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Computational PsychiatryNew Perspectives on Mental Illness$
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A. David Redish and Joshua A. Gordon

Print publication date: 2016

Print ISBN-13: 9780262035422

Published to MIT Press Scholarship Online: May 2017

DOI: 10.7551/mitpress/9780262035422.001.0001

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Breakdowns and Failure Modes

Breakdowns and Failure Modes

An Engineer’s View

(p.15) 2 Breakdowns and Failure Modes
Computational Psychiatry

A. David Redish

Joshua A. Gordon

The MIT Press

Psychiatry faces a number of challenges due largely to the complexity of the relationship between mind and brain. Starting from the now well-justified assumption that the mind is instantiated in the physical substrate of the brain, understanding this relationship is going to be critical to any understanding of function and dysfunction. Key to that translation from physical substrate to mental function and dysfunction is the computational perspective: it provides a way of translating knowledge and understanding between levels of analysis (Churchland and Sejnowski 1994). Importantly, the computational perspective enables translation to both identify emergent properties (e.g., how a molecular change in a receptor affects behavior) and consequential properties (e.g., how an external sociological trauma can lead to circuit changes in neural processing). Given that psychiatry is about treating harmful dysfunction interacting across many levels (from subcellular to sociological), this chapter argues that the computational perspective is fundamental to understanding the relationship between mind and brain, and thus offers a new perspective on psychiatry.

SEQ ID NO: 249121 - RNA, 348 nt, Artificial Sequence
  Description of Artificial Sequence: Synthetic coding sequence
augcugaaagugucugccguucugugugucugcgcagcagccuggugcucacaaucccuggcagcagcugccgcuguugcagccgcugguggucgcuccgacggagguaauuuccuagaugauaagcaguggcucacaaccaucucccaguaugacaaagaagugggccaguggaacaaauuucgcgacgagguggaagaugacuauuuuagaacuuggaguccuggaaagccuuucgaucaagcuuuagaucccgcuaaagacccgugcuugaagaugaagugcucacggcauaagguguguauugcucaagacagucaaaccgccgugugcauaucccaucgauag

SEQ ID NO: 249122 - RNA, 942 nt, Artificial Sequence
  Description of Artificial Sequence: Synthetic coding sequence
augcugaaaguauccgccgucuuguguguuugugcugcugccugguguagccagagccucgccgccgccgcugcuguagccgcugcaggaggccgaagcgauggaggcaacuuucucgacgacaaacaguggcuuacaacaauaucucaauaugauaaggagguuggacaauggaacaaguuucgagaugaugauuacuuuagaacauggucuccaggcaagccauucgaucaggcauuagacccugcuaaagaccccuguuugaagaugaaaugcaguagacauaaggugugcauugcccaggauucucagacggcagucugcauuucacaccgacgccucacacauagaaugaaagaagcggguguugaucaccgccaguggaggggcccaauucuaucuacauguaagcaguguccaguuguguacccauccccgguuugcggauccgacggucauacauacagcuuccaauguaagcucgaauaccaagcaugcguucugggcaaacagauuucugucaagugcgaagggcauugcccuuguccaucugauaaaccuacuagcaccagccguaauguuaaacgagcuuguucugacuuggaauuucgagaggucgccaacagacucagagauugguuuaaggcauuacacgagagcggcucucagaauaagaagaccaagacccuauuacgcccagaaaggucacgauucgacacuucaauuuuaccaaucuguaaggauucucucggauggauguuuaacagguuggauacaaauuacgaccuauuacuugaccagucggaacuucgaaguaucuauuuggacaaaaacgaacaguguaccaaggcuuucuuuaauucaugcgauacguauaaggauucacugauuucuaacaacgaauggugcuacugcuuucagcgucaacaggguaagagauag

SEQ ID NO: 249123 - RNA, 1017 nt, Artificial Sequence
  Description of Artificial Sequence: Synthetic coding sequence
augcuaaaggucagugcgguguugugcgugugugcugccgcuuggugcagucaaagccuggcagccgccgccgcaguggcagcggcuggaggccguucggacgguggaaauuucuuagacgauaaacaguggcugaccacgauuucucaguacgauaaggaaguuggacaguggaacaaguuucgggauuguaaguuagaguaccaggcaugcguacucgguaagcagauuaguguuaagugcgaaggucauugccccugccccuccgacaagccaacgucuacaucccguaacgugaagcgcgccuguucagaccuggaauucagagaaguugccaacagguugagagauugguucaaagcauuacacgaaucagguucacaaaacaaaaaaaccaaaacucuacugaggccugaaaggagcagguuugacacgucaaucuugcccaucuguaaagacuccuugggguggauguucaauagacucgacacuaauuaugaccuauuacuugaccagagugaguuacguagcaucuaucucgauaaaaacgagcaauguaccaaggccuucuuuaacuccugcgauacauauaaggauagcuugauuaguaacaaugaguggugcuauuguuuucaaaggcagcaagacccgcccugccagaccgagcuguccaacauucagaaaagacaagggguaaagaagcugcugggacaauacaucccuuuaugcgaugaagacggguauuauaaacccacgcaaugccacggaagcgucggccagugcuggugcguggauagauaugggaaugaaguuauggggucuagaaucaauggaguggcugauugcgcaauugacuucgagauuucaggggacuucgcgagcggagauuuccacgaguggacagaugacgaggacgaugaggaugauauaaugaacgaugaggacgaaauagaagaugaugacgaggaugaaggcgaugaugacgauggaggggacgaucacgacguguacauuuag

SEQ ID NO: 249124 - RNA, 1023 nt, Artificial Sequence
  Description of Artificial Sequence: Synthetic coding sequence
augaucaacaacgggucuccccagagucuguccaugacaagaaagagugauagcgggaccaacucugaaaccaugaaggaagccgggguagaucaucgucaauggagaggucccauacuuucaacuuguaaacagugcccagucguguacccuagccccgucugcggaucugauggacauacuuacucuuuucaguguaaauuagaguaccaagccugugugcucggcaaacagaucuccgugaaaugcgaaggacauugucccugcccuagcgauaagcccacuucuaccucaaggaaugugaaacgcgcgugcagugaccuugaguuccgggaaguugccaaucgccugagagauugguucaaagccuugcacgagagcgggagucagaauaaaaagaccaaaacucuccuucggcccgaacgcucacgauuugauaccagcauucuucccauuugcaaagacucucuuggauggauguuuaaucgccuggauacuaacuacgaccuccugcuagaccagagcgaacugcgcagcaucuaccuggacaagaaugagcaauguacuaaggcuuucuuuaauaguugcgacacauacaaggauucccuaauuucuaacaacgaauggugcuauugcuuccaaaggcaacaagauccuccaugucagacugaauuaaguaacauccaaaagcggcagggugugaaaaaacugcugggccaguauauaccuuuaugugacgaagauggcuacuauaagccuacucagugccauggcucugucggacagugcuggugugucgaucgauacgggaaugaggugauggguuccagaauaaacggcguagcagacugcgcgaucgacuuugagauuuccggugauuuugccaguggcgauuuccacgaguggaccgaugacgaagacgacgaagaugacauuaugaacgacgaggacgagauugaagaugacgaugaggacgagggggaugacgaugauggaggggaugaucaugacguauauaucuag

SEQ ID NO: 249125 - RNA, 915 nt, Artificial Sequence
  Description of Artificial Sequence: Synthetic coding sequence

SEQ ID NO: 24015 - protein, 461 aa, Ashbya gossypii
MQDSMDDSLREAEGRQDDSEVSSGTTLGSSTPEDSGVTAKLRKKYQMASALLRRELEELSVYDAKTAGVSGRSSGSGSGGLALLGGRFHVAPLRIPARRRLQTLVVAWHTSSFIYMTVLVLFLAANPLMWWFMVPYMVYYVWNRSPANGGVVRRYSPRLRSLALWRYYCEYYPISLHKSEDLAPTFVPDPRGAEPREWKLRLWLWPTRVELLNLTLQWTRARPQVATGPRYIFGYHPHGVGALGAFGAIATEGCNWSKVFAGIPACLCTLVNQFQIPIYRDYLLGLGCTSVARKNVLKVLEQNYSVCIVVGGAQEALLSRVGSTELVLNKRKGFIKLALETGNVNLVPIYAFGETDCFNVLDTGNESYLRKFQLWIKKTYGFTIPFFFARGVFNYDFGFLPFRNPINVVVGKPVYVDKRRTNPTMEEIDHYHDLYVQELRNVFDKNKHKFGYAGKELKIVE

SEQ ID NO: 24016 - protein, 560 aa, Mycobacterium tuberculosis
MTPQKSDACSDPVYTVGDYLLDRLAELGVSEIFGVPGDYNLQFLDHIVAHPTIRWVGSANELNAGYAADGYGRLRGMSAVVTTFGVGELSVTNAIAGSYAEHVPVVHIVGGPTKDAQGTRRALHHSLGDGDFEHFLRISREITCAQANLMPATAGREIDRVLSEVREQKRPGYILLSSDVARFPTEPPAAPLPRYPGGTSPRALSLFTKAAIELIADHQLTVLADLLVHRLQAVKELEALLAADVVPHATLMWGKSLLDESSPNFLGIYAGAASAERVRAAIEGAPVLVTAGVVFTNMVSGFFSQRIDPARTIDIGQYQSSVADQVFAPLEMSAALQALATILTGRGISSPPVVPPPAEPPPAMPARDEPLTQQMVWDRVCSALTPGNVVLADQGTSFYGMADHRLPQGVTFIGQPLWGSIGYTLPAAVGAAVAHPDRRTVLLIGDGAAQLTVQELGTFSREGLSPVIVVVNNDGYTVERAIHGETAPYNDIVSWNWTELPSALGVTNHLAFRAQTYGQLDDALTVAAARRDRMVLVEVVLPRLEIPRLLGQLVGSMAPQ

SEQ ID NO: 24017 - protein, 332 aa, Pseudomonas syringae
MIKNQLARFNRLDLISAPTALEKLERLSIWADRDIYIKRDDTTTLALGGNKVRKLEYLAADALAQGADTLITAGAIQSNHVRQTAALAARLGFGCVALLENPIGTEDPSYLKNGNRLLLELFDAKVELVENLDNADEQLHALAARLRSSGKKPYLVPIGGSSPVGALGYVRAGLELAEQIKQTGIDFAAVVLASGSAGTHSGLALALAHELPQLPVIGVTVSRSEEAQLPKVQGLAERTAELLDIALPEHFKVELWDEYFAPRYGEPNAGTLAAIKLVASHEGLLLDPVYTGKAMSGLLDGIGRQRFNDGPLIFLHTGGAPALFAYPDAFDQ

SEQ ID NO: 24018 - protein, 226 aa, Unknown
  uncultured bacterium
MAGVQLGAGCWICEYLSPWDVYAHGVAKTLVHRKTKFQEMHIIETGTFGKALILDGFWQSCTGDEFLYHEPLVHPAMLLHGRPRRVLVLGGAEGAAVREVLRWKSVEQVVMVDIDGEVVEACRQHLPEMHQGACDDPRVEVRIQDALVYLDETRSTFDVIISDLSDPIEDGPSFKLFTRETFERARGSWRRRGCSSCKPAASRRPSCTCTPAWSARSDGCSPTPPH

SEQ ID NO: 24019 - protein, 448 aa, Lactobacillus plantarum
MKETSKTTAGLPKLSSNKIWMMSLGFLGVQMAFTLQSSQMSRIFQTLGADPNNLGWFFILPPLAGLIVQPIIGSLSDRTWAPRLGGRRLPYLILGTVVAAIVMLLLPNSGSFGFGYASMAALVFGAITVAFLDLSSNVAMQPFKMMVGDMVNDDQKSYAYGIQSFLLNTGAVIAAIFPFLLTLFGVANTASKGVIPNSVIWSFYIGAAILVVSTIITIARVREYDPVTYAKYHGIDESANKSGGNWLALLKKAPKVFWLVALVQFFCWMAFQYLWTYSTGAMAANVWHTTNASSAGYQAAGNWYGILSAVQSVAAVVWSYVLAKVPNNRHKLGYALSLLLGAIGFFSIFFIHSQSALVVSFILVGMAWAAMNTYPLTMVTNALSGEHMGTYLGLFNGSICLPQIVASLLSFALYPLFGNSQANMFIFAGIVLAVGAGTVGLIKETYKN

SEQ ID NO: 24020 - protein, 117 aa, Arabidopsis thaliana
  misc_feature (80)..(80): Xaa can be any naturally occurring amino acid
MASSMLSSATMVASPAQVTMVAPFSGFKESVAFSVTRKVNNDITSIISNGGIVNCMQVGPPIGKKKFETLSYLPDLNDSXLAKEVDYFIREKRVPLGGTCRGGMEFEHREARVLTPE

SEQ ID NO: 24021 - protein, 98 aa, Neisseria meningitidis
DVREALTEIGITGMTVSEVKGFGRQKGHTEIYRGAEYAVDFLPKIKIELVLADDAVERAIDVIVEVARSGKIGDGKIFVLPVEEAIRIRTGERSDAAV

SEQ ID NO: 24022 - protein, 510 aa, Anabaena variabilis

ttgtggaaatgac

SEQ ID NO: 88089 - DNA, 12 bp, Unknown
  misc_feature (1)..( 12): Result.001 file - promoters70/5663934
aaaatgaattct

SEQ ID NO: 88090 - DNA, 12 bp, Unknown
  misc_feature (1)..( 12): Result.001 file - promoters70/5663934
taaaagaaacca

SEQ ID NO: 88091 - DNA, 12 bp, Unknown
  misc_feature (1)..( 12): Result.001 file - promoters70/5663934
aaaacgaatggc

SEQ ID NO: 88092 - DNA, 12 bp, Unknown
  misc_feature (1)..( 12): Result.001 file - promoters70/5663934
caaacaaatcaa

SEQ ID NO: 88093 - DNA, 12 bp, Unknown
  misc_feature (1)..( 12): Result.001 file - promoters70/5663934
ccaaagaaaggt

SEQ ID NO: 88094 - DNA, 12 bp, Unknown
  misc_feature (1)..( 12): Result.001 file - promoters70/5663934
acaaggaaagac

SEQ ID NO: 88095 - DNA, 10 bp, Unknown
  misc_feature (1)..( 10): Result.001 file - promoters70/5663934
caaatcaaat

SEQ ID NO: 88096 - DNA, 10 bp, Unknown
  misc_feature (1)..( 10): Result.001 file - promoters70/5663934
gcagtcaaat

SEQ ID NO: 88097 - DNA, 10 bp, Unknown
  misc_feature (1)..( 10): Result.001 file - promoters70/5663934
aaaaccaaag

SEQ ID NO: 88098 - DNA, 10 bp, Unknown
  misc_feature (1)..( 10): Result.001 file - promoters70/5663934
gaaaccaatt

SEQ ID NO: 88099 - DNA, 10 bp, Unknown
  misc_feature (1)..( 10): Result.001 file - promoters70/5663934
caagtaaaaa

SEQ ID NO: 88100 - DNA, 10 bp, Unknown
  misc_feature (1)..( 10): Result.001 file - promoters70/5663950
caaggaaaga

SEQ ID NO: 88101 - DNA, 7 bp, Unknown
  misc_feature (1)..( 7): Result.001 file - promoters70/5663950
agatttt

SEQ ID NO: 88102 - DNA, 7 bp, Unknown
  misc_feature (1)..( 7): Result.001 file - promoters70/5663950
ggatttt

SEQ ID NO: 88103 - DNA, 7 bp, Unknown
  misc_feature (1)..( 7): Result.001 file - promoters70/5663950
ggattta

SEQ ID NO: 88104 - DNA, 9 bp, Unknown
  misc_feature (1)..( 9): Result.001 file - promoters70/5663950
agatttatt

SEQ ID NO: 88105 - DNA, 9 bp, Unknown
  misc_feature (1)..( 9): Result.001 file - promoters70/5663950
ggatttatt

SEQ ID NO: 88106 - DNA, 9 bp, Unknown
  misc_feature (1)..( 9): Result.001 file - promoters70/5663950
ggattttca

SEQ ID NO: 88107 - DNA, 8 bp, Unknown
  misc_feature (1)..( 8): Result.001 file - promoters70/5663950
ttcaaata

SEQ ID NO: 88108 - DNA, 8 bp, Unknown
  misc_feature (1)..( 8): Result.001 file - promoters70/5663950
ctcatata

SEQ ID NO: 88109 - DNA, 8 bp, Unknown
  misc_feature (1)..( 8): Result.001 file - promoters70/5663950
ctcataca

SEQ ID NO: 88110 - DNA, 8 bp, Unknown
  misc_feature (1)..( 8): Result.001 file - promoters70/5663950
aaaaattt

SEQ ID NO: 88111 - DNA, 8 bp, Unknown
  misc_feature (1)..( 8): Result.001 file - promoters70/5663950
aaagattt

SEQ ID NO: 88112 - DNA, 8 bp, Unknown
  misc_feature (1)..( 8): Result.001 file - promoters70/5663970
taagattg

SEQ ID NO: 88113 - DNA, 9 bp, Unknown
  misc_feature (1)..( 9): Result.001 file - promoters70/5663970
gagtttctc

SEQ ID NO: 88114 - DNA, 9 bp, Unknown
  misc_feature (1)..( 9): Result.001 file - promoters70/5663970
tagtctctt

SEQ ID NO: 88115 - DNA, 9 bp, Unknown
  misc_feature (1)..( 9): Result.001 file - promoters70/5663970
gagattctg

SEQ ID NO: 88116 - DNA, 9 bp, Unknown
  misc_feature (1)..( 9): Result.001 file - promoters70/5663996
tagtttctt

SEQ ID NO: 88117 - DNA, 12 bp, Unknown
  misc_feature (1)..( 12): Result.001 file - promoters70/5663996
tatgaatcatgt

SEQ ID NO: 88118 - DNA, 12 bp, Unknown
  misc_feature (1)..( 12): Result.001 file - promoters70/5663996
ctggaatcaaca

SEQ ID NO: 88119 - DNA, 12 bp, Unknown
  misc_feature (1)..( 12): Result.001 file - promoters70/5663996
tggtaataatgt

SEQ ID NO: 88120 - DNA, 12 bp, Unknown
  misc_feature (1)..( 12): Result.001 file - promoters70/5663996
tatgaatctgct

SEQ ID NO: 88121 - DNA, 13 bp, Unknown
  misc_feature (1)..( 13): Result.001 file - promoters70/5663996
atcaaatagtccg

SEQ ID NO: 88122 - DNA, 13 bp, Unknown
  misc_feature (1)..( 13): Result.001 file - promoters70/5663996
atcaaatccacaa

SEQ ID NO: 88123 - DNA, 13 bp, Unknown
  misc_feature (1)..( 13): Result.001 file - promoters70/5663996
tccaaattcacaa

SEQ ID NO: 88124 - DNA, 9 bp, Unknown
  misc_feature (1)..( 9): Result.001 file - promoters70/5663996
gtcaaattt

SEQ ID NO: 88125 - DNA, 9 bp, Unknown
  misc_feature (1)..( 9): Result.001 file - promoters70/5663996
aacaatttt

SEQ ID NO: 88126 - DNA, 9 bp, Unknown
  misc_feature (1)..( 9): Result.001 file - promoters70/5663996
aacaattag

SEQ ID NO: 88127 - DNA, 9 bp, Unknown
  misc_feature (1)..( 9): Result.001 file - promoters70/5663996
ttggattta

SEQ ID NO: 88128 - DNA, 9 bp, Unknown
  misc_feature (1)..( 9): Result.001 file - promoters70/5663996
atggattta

Keywords:   Strüngmann Forum Report, biomarkers, computational perspective, computational psychiatry, diagnostic nosology, failure mode hypothesis, treatment in psychiatry personalized medicine

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